Alameda merchants fight against new Orchard Supply
The approval for a new Orchard Supply Hardware in Alameda, Calif., is being appealed and will go before the Alameda City Council on Sept. 16, according to a report in the Alameda Journal.
The Planning Board gave approval in July for the Orchard Supply to be established at Alameda Towne Centre in a former Safeway, with the size of the building being increased by 1,500 square feet to 38,730 square feet. Also in the plans is an outdoor garden center on the north side of the building, as well as a 35-foot front parapet, new landscaping, benches and bicycle racks.
The appeal — filed on behalf of two local hardware stores, two nurseries and a private citizen — claims that the Orchard Supply would undercut local hardware stores and cause increased traffic and pollution.
“It directly impacts the local economy and shifts tax dollars from local merchants to Orchard Supply,” said Phillip Jaber, owner of Encinal Hardware, one of the appellants. “I think we would be more apt to compete with a Home Depot. Orchard is treading right on our playing field, taking our gravy items away — those widgets you sell once or twice a year that help you stay connected to the owners of older homes in town.”
The push to open the new Orchard Supply comes from Harsch Investment Properties, which owns Alameda Towne Centre and wants to increase the number of anchor businesses there. Among the anchor businesses already open are Trader Joe’s and Borders book store.
Orchard Supply Hardware, which is headquartered in San Jose, Calif., has 86 hardware and garden retail stores throughout California.
Beacon Lumber to close yard
Beacon Lumber, a family-owned lumber and hardware dealer in New Bedford, Mass., plans to close and auction off its lumber division, according to a report in the local newspaper South Coast Today.
The lumber company plans to keep its paint and hardware store opened, while shutting down its lumberyard and auctioning off materials and equipment on Sept. 20, according to the report.
The closure was due to increased competition, a poor economy and failure of pro customers to pay some debts, the owners said. The yard saw most of its business from contractors.
Because of the struggling housing market, the owners told the newspaper they’ve decided to shift the business’s focus to consumer hardware.
The company was purchased in 1982, by Armand and Steve Brodeur. At its height, Beacon lumber employed about 100 people, down to around five today.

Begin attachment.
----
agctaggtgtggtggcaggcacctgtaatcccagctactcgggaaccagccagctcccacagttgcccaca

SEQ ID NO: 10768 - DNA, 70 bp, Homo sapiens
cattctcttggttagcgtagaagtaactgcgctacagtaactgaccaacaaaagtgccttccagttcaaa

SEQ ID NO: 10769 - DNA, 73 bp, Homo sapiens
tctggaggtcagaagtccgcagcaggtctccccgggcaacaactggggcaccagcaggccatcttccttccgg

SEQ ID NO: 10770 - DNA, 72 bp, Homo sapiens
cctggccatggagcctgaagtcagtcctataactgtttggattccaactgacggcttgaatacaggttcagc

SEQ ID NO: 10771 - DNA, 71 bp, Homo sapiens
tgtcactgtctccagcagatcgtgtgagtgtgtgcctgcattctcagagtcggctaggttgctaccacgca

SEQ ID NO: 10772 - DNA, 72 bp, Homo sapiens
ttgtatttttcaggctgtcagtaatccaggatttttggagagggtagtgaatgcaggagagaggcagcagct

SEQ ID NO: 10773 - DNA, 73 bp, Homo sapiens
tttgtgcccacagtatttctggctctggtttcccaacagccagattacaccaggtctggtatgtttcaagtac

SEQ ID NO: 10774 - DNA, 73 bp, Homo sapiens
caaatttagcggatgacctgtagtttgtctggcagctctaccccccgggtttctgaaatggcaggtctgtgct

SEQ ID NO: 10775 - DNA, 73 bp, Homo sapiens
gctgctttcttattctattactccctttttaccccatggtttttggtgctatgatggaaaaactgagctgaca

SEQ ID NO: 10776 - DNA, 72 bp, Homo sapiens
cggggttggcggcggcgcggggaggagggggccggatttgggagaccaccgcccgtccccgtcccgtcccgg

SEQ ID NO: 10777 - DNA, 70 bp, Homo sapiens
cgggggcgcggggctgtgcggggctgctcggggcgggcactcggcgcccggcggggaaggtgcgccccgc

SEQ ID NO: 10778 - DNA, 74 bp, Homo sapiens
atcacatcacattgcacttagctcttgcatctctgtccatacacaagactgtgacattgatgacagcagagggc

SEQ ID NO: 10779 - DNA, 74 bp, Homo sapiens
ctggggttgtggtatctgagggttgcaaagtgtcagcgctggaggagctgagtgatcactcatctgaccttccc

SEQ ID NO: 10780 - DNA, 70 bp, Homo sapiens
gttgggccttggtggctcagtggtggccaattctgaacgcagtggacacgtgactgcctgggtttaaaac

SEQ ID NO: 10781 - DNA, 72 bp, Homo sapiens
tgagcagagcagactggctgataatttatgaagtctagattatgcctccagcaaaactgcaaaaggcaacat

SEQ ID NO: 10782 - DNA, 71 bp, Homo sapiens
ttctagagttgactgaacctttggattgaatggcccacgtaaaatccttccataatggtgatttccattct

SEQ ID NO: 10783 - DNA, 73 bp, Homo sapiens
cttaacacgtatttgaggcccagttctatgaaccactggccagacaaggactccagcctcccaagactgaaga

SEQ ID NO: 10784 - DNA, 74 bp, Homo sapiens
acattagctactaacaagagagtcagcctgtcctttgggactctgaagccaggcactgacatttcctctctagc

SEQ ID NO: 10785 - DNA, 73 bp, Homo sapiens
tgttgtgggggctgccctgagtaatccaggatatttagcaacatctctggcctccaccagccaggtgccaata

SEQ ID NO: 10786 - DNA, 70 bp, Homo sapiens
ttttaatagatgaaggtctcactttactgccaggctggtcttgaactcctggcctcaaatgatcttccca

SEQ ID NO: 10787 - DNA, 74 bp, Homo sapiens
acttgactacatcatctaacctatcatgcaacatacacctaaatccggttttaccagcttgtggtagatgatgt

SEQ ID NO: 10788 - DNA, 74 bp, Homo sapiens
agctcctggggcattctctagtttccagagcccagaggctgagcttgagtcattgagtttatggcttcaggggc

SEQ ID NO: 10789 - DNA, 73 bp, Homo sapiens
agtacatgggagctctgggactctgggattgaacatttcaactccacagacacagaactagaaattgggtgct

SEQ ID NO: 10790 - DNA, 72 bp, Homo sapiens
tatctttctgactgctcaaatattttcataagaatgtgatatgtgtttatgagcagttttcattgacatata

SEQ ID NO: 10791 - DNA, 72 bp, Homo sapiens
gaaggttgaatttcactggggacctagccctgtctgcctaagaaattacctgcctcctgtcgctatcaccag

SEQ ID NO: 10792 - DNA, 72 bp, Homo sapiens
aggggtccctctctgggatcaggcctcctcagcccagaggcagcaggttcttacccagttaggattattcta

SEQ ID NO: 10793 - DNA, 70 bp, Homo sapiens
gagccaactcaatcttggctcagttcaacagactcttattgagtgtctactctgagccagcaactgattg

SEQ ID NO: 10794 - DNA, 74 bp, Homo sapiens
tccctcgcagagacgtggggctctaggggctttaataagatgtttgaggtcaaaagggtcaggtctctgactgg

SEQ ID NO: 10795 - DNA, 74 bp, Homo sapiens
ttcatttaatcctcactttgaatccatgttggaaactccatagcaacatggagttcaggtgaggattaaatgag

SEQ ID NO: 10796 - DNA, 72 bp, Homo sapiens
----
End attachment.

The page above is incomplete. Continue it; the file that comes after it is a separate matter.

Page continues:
Survey gives insight into what new-home buyers expect
The housing market may be slower, but there still are some buyers out there, and a recent J.D. Power and Associates Survey shows how their desires are changing.
The survey, which ranked home builders based on a number of design and consumer preference elements, included insight into what new-home buyers expect in their new purchases, notably on the “green” side of the market.
The study found that 28 percent of new home buyers perceive that their home is environmentally friendly, but a vast majority of these home buyers — 75 percent — say that their home builder did not identify the home as “green.”
The top green features that home buyers believe a new home should include are: energy-efficient heating and air conditioning units, energy-saving appliances, energy-saving lighting and temperature-controlling windows.
Overall satisfaction with new-home design has increased to 782 on a 1,000-point scale in 2008, up 36 points from 2007. Compared with 2007, the importance of the floor plan has increased in 2008. In addition, the flexibility and ability of builders to make non-standard design changes — such as relocation of an interior wall — is a particularly important new component in satisfaction with new-home design.
The study also found that 92 percent of home buyers reported receiving sales incentives. Among home buyers who report receiving incentives when purchasing their home, the average sales incentive totaled more than $16,500.
Also, the percentage of home buyers who report that construction on their new home was finished when they signed the sales contract has increased to 39 percent in 2008 from 32 percent in 2007.
Home quality has remained stable since 2007. The rate of customer-reported problems decreased in 2008 to 1,151 problems per 100 homes from 1,345 per 100 homes in 2007.
J.D. Power reported that the proportion of homes delivered both completely finished and on time has increased to 70 percent in 2008 from 58 percent in 2007.